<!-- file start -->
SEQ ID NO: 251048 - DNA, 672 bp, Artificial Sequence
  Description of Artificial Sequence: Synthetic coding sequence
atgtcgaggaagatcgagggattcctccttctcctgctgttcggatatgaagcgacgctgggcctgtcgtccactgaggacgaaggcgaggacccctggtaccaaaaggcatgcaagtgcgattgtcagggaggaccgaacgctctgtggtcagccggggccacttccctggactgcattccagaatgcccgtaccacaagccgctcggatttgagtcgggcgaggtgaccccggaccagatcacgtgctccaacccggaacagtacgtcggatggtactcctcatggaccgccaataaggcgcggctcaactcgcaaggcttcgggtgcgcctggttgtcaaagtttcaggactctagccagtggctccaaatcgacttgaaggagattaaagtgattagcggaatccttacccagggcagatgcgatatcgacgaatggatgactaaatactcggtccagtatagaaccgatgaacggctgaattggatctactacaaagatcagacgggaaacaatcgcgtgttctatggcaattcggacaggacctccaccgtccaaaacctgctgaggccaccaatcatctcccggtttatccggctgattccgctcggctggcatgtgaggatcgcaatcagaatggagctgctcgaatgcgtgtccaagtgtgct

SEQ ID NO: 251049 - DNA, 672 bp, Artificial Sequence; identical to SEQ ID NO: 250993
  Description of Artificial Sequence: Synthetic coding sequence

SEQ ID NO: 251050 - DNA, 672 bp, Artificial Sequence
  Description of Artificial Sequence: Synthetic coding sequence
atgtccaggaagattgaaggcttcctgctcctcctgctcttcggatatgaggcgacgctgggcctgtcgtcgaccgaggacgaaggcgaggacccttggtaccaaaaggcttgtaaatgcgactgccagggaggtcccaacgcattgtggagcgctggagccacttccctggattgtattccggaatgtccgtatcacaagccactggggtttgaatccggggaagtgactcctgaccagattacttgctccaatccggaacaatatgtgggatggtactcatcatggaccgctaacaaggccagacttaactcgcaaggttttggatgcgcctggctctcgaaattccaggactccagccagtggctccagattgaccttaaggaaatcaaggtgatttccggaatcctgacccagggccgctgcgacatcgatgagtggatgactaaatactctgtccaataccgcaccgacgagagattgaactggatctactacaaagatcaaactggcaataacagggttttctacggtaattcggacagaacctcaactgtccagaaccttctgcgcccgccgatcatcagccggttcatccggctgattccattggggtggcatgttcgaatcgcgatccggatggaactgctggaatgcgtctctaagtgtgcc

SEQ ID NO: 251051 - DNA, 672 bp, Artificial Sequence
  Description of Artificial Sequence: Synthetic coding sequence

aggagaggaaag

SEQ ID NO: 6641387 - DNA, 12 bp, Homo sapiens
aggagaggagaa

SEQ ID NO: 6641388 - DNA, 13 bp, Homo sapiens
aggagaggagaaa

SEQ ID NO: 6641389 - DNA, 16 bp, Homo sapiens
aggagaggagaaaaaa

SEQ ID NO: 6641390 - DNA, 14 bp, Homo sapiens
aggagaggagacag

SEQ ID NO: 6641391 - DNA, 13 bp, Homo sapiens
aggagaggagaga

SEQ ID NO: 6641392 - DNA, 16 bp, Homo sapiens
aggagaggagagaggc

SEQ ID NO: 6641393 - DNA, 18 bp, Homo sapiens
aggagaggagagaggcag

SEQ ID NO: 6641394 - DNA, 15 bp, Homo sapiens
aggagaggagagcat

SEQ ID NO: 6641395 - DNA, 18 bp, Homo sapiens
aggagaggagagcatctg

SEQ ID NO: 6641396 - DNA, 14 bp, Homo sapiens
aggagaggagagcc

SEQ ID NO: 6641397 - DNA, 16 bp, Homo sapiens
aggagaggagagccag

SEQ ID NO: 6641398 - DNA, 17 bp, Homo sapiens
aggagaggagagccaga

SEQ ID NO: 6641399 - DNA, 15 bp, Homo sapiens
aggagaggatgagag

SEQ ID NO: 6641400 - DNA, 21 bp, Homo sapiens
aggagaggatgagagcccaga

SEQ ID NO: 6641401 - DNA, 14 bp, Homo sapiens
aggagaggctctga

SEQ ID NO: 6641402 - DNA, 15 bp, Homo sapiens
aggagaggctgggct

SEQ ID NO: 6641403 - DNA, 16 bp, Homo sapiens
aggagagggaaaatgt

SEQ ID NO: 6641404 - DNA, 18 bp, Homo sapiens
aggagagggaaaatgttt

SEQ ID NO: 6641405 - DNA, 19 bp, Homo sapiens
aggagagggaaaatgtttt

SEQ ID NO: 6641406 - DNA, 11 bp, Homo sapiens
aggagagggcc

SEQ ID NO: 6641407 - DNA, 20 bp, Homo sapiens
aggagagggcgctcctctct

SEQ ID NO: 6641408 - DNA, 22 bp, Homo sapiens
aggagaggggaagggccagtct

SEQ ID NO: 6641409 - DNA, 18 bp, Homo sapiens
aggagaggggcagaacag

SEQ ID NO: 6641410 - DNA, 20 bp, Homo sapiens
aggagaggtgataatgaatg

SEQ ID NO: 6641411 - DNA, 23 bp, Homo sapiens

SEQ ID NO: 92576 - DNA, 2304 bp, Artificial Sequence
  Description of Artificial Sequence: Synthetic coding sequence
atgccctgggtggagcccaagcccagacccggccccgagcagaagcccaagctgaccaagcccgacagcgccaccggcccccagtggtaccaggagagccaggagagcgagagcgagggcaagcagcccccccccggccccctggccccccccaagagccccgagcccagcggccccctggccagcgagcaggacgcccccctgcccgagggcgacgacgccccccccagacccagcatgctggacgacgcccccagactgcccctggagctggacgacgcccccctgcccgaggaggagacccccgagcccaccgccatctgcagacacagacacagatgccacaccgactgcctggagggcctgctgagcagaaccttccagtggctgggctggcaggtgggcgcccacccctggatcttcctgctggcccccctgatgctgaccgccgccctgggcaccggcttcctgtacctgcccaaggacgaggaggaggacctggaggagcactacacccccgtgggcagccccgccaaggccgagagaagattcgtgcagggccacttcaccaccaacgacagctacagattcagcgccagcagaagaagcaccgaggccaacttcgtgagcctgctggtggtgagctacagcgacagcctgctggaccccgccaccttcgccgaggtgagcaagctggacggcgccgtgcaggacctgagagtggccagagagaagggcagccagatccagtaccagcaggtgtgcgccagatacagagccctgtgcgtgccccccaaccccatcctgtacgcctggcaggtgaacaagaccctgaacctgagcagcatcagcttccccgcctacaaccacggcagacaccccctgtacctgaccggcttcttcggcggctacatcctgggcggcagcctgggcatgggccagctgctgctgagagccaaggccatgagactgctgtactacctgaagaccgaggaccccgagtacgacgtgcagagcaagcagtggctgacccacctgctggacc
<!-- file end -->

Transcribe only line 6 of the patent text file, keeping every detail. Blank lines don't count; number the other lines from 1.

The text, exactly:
SEQ ID NO: 251050 - DNA, 672 bp, Artificial Sequence